An African Union-led mediation effort, however, overseen by former Nigerian President, Olusegun Obasanjo, resulted in several trips to meet with authorities in Addis Ababa and Mekelle, but little else.
Since the mediation process began, an Ethiopian drone strike has killed more than 50 civilians at a displaced people camp in rural Tigray. International watchdog Human Rights Watch has since called the attack a war crime.
Weeks after the attack, the Deputy Chief of the Ethiopian Army, General Abebaw Tadesse, openly threatened to launch a ground offensive against Tigray.
Within months into Obasanjo’s shuttle diplomacy initiative, Tigrayan forces also launched a renewed offensive in the Afar region, with hundreds of thousands fleeing artillery barrages targeting residential areas of the region’s villages and towns.
With no de-escalation in the fighting, there is little to suggest that the warring factions were negotiating in good faith. Some observers also believe that the nature of the truce suggests a lack of sincerity.
“To begin with, under international law, humanitarian assistance can’t be held hostage to political or military negotiations,” explained the Founder of the influential Addis Standard news magazine, Tsedale Lemma. “All parties have an obligation under international humanitarian law to provide unimpeded access to those in need.”
“There’s also no explanation for why the government isn’t lifting the blockade on telecom, electricity and banking services. These would alleviate a great deal of the suffering, especially for the working class who can’t access their own savings to buy whatever is available in the local market,” he said.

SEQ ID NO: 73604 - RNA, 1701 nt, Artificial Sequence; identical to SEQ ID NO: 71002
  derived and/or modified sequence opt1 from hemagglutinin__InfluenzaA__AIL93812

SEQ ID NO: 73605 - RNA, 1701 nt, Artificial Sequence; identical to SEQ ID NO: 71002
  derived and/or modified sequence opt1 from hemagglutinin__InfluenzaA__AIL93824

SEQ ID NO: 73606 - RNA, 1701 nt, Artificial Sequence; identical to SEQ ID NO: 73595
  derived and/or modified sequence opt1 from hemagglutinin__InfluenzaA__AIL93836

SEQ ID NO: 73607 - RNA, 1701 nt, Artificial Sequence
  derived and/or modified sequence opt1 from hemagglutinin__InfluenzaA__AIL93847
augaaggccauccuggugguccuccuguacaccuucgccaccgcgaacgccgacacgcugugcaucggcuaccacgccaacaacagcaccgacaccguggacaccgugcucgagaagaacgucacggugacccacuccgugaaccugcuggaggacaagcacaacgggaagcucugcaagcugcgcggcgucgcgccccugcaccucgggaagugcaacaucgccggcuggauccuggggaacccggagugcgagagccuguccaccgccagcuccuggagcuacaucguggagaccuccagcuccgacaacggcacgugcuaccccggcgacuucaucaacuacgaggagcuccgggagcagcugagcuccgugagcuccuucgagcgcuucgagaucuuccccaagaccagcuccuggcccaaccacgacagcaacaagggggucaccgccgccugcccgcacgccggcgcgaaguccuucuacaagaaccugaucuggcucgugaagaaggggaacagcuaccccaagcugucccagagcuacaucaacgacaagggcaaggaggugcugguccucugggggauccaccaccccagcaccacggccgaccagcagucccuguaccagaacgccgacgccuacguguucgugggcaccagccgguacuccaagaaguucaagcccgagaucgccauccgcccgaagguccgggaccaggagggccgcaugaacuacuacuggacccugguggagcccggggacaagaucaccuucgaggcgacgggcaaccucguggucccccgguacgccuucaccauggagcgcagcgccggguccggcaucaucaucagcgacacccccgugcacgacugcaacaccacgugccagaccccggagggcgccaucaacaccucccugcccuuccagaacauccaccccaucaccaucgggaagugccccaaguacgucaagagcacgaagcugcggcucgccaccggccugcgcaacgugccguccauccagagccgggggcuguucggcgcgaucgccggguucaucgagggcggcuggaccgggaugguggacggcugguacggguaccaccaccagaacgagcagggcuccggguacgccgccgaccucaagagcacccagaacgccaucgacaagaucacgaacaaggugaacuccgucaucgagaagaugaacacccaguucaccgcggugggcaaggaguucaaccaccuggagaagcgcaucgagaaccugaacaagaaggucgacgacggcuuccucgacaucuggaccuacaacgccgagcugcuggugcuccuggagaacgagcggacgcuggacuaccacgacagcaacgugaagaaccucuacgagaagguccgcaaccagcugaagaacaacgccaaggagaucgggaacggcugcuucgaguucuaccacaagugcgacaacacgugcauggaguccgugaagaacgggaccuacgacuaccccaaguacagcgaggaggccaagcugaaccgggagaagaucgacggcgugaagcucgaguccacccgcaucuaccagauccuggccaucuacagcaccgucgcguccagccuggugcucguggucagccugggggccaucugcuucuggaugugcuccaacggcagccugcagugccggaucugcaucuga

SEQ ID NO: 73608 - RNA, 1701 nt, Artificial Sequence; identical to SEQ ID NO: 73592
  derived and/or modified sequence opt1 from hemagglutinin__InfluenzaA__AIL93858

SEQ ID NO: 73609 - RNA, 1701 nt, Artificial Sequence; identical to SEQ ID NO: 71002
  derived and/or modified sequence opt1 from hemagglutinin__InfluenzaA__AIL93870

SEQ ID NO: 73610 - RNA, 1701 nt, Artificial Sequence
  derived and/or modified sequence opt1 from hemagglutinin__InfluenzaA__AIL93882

With peace elusive and millions suffering as a result of one of the world’s worst humanitarian disasters, the announcement of a truce had been deemed a breakthrough.
But the opacity of the agreement and the lack of an implementation mechanism render it difficult to ascertain if concrete action is set to follow.
Less than a month into the war and when famine was barely a brewing threat, news of the Ethiopian government signing a deal with the UN securing unimpeded humanitarian access to Tigray made headlines but that access was never granted.
Instead, UN workers were denied access for months to two UNHCR-run refugee camps, which hosted more than 25,000 Eritrean refugees prior to the war. The camps were systemically razed to the ground between December 2020 and January 2021. By May 2021, UN staff were finally granted access to the ruins of the camps.
There is also the issue of whether Eritrean President, Isaias Afwerki, would fall in line with any peace deal. Unlike Abiy Ahmed and Tigrayan counterpart, Debretsion Gebremichael, the Eritrean president’s recent statements appear to highlight an aversion to dialogue with the TPLF.
The war, initially contained in the Tigray region, has since spilled over into neighbouring regions but there is no word on how encompassing the truce is. The Afar People’s Party, for instance, has criticised the truce for lacking transparency and neglecting the needs of the Afar people.